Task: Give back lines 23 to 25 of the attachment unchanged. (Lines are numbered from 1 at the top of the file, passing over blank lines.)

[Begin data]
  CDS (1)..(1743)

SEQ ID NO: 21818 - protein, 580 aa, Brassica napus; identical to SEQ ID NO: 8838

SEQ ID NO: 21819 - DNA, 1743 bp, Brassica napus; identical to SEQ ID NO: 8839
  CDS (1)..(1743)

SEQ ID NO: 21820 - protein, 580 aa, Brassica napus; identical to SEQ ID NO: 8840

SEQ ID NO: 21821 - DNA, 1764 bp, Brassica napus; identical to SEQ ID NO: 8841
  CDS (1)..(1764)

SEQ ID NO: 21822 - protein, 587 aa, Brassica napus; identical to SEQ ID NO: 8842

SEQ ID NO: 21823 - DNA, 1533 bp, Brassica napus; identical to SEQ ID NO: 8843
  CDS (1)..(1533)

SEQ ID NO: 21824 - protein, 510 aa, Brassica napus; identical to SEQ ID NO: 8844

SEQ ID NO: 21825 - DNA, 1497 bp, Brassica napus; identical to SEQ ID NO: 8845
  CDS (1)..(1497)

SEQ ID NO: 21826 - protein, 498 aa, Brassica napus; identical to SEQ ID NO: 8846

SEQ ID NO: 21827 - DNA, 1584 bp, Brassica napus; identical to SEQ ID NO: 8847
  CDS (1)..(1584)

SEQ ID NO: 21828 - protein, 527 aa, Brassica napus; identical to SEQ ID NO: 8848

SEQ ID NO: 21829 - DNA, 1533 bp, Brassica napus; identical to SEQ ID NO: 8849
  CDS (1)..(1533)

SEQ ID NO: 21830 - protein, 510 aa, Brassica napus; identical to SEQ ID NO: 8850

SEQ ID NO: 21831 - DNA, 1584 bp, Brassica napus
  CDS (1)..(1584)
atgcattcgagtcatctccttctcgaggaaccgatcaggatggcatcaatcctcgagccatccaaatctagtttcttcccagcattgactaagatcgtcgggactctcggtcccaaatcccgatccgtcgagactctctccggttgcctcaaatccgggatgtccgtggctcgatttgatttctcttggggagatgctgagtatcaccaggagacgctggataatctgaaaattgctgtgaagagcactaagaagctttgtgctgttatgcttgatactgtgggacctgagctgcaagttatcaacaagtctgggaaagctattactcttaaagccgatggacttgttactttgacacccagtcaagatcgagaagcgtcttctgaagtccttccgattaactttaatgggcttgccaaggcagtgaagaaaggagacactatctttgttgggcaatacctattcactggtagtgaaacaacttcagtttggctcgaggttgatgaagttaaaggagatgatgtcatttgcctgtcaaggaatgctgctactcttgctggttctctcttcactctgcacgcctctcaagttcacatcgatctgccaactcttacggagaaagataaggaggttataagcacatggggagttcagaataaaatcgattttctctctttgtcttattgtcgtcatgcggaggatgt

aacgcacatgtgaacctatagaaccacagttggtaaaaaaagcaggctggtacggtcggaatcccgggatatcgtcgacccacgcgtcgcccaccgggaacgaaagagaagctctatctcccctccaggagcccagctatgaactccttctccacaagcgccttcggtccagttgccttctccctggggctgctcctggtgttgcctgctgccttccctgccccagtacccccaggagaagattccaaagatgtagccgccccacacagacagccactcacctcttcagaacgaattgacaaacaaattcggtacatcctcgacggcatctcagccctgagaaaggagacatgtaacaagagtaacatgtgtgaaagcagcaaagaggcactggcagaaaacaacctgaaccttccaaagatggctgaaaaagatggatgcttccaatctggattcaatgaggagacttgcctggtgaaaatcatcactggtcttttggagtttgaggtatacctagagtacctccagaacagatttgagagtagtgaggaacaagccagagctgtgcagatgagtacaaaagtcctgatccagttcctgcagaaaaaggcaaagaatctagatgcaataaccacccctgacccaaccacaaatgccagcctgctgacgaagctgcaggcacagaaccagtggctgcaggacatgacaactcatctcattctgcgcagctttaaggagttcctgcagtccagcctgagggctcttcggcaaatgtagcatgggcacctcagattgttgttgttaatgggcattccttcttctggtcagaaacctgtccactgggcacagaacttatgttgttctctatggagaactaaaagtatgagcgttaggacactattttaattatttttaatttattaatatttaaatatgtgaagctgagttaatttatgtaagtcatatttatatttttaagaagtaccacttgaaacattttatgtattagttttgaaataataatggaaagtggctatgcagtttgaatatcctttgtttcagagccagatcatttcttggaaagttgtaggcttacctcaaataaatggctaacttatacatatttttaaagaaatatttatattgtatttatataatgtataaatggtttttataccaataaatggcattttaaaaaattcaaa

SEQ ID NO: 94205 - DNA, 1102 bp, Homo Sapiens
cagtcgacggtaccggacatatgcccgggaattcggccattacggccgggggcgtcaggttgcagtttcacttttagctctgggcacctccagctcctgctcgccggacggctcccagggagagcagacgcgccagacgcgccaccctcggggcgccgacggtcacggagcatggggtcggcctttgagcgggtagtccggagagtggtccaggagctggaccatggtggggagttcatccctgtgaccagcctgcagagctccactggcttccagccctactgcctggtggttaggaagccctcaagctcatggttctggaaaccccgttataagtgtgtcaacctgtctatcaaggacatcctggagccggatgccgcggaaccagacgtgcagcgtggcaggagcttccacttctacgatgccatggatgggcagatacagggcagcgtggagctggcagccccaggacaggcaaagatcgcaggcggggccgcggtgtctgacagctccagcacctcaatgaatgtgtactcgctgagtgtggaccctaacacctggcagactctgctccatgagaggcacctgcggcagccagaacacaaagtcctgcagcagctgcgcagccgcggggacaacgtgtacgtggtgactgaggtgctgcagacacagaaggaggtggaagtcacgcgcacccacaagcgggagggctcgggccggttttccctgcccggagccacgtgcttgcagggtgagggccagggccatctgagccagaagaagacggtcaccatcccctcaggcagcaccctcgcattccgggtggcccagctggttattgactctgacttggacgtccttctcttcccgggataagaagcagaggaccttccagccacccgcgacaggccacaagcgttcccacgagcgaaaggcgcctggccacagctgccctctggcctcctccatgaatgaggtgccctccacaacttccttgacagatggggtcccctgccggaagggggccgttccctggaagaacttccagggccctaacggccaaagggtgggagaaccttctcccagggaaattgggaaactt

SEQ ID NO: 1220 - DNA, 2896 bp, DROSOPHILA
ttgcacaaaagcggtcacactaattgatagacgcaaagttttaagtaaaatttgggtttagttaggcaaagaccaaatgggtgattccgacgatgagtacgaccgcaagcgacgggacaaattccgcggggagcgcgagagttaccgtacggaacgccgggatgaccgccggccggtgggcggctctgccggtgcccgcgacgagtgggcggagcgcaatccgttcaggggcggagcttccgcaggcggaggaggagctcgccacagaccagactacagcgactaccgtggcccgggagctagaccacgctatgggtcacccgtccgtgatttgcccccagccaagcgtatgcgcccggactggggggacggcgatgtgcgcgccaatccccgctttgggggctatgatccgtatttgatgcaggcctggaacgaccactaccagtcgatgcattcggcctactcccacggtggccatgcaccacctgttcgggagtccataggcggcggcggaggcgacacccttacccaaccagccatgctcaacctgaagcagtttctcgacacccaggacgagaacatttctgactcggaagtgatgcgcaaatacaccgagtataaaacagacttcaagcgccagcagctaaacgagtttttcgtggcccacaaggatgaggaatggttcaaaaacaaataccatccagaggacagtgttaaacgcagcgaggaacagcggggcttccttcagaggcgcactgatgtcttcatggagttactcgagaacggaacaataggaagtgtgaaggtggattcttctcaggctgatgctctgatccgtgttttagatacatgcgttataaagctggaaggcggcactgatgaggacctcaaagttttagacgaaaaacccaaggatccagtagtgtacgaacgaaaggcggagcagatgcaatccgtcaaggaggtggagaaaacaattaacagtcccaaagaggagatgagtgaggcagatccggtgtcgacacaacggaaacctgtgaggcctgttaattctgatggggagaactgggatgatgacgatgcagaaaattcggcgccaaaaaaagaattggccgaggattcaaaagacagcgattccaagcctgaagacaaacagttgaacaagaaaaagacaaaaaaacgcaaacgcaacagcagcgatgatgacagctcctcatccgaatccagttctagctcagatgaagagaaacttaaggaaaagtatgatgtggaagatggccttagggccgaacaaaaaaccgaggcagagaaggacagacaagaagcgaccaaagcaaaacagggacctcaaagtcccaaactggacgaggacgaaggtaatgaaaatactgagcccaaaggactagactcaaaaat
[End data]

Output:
atgcattcgagtcatctccttctcgaggaaccgatcaggatggcatcaatcctcgagccatccaaatctagtttcttcccagcattgactaagatcgtcgggactctcggtcccaaatcccgatccgtcgagactctctccggttgcctcaaatccgggatgtccgtggctcgatttgatttctcttggggagatgctgagtatcaccaggagacgctggataatctgaaaattgctgtgaagagcactaagaagctttgtgctgttatgcttgatactgtgggacctgagctgcaagttatcaacaagtctgggaaagctattactcttaaagccgatggacttgttactttgacacccagtcaagatcgagaagcgtcttctgaagtccttccgattaactttaatgggcttgccaaggcagtgaagaaaggagacactatctttgttgggcaatacctattcactggtagtgaaacaacttcagtttggctcgaggttgatgaagttaaaggagatgatgtcatttgcctgtcaaggaatgctgctactcttgctggttctctcttcactctgcacgcctctcaagttcacatcgatctgccaactcttacggagaaagataaggaggttataagcacatggggagttcagaataaaatcgattttctctctttgtcttattgtcgtcatgcggaggatgt

aacgcacatgtgaacctatagaaccacagttggtaaaaaaagcaggctggtacggtcggaatcccgggatatcgtcgacccacgcgtcgcccaccgggaacgaaagagaagctctatctcccctccaggagcccagctatgaactccttctccacaagcgccttcggtccagttgccttctccctggggctgctcctggtgttgcctgctgccttccctgccccagtacccccaggagaagattccaaagatgtagccgccccacacagacagccactcacctcttcagaacgaattgacaaacaaattcggtacatcctcgacggcatctcagccctgagaaaggagacatgtaacaagagtaacatgtgtgaaagcagcaaagaggcactggcagaaaacaacctgaaccttccaaagatggctgaaaaagatggatgcttccaatctggattcaatgaggagacttgcctggtgaaaatcatcactggtcttttggagtttgaggtatacctagagtacctccagaacagatttgagagtagtgaggaacaagccagagctgtgcagatgagtacaaaagtcctgatccagttcctgcagaaaaaggcaaagaatctagatgcaataaccacccctgacccaaccacaaatgccagcctgctgacgaagctgcaggcacagaaccagtggctgcaggacatgacaactcatctcattctgcgcagctttaaggagttcctgcagtccagcctgagggctcttcggcaaatgtagcatgggcacctcagattgttgttgttaatgggcattccttcttctggtcagaaacctgtccactgggcacagaacttatgttgttctctatggagaactaaaagtatgagcgttaggacactattttaattatttttaatttattaatatttaaatatgtgaagctgagttaatttatgtaagtcatatttatatttttaagaagtaccacttgaaacattttatgtattagttttgaaataataatggaaagtggctatgcagtttgaatatcctttgtttcagagccagatcatttcttggaaagttgtaggcttacctcaaataaatggctaacttatacatatttttaaagaaatatttatattgtatttatataatgtataaatggtttttataccaataaatggcattttaaaaaattcaaa

SEQ ID NO: 94205 - DNA, 1102 bp, Homo Sapiens